- Using dividend payout is not healthy for your financial life. You will typically spend the money you receive as dividends. This can hurt your progress towards your financial goals.
- With dividend reinvestment option you increase administrative hassles of looking at multiple dividend entries, tax reporting, etc.
- Unless you have a stated cash flow need or tax considerations, just go with the growth option.
- Even in case of debt funds, if you are willing to be invested for more than 3 years, choose the growth option.
- If you are in a lower tax bracket (10% or 20%), you can choose the growth option in debt funds even for shorter periods.
- You need not rely on dividends for liquidity. When you need funds,,you can sell some of the units and convert them into cash.
This is what happened with Dheeraj.
He opted for a Dividend Payout option for his tax saving mutual fund investment. He invested Rs. 50k and received a dividend of Rs. 9,000 approx.
He was excited and now wanted to use the dividend amount to buy a new phone.
His logic was that he had earned that money through his investments. It took him some time to understand that the current value of his investment had dropped because of the dividend and was now just Rs. 41,000 (Rs. 50,000 – Rs. 9,000).
He understood and reinvested the money.
Warning on Dividend option
- Dividend announcements are often used as a sales tool. Your agent can come to you saying that the xyz fund is going to announce a dividend and ask you to invest money. Do not get carried away with the ‘immediate short term’ benefit.
- Sometimes, seeing a regular flow of dividend makes you feel a psychologicalsatisfaction of a fund doing well. It is delivering regular dividends after all. While it might be a good thing, but as mentioned before, this may not be good for your financial health. Money allowed to compound itself over a period of time will deliver far better results.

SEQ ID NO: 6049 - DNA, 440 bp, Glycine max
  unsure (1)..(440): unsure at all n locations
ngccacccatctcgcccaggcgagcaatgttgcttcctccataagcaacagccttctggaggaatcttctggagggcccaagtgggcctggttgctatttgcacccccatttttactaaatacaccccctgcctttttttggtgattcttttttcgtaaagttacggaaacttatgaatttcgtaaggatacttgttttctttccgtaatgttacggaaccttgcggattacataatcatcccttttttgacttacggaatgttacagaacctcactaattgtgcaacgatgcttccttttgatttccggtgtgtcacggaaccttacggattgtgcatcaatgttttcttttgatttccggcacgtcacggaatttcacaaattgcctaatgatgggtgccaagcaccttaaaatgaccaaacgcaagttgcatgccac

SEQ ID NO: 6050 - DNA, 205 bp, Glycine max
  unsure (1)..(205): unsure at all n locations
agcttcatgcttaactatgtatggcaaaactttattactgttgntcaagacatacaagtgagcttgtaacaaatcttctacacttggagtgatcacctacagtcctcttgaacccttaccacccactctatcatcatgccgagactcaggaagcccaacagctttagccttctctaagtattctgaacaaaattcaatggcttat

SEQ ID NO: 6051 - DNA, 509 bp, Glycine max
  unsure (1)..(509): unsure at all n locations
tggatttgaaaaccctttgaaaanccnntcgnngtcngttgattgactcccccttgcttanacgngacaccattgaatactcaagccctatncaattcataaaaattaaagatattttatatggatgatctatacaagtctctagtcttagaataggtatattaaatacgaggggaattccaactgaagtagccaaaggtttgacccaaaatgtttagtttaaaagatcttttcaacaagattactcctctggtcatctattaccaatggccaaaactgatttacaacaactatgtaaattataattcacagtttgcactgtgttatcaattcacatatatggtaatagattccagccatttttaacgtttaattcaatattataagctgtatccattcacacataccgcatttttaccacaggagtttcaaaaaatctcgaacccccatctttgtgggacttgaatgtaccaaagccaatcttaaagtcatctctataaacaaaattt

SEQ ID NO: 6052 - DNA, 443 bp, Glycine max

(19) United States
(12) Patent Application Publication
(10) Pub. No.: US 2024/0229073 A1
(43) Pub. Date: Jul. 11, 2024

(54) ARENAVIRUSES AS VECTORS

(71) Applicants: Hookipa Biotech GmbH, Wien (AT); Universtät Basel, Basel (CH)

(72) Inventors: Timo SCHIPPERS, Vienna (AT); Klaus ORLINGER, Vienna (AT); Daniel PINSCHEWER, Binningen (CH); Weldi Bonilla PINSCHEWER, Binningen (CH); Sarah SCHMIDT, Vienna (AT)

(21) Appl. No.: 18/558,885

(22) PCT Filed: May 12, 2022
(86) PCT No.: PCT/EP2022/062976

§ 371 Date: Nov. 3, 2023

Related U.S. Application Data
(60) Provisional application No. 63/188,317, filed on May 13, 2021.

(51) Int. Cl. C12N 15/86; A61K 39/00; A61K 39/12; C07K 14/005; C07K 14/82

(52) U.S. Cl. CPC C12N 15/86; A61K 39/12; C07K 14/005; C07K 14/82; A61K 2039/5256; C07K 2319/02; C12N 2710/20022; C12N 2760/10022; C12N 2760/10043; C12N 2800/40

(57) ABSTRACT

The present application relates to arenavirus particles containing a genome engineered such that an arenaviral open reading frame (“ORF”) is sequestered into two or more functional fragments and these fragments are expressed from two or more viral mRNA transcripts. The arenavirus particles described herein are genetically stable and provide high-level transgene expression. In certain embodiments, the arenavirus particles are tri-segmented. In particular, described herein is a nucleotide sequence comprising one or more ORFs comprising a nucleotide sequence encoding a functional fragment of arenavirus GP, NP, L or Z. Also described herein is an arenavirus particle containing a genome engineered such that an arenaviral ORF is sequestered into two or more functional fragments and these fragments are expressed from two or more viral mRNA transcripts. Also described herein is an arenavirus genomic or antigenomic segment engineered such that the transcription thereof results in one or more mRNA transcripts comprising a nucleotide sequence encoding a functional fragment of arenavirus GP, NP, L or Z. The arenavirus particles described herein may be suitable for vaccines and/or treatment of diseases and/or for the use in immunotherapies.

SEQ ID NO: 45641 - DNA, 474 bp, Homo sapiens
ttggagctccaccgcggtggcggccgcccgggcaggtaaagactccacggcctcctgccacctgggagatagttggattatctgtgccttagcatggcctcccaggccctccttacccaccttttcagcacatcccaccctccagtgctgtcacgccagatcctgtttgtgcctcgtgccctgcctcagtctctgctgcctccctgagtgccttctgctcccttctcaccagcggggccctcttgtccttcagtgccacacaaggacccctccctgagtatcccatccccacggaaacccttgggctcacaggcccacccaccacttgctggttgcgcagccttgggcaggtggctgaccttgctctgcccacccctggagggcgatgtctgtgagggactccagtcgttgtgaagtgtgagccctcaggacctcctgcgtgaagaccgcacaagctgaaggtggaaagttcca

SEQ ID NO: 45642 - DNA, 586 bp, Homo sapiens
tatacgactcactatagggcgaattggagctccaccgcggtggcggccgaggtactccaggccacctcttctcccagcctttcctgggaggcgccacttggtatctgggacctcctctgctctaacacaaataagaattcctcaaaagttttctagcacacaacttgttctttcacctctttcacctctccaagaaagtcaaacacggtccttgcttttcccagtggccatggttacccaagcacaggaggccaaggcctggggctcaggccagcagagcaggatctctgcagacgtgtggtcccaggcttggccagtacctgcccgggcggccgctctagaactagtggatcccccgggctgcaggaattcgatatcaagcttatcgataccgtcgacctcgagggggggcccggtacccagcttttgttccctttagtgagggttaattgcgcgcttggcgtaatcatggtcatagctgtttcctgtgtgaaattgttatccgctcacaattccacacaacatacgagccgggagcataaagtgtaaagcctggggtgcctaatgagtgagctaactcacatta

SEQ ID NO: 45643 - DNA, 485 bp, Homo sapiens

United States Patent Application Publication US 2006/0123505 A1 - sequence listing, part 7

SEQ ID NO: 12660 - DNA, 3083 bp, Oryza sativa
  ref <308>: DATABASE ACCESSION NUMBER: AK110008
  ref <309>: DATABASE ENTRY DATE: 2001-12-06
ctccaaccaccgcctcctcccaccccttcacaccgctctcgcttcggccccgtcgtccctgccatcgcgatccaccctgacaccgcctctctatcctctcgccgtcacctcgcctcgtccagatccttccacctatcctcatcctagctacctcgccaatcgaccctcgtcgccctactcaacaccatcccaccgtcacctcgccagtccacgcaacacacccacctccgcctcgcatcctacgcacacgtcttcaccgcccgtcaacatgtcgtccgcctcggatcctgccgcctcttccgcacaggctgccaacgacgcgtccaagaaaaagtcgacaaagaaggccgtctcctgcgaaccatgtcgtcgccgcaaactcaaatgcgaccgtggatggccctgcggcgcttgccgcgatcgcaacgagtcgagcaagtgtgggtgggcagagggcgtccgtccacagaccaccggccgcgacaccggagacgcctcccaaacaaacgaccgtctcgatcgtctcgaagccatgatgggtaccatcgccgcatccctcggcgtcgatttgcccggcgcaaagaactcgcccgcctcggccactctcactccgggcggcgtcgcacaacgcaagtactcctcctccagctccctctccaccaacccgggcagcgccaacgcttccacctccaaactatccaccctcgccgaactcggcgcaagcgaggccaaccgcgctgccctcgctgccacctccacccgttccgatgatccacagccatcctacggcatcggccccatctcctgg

So, which option will you choose – growth or dividend?
Great article, as always. When I invest in equity funds, I think I will choose dividend payout, so that I get an opportunity to rebalance my investments. Or to meet daily expenses if I’m not receiving a regular salary.
I can alternatively do that by redeeming from a growth fund, but that incurs:
– STT of 0.25%. It seems small, but on 10 lac, it’s 2500. Would you throw away 2500?
– Exit loads, which are up to three years on some funds
– Short-term capital gains tax, if it’s within one year
Dividend payout has less costs and gives me more flexibility.
I’ll go for dividend payout in the future for equity funds, unless you disagree.
Good points Kartick. I like that thought process. For the reasons you mention, dividend may make sense for you.
However, for long term investments, why make the money come out of the system via dividend.
Plus it will take super discipline for someone to send it back to work immediately, even for rebalancing.
Depending upon dividends for income needs is not reliable. Dividends are not guaranteed.
The STT point is a good one but has to be considered along with the above.
Good to know on viewing but my concern is, is it better way to take a dividend every month or quarter and re-invest it in any equity growth fund ? so that dividend will be utilized effectively.Please respond.
Vaishnav, the dividend paid out by the mutual fund is effectively your money. When dividend is paid out, the value of your investment goes down. You can see that via the drop in the NAV of the fund. So, the point is why would you do that.
If you think you can take the dividend and reinvest it elsewhere more effectively, well, its your call. If you are doing it from a debt fund to equity fund, it again depends on what goal are you trying to achieve. If you are doing it from equity to debt, it could be an asset allocation exercise. But not sure, how effective it is going to be.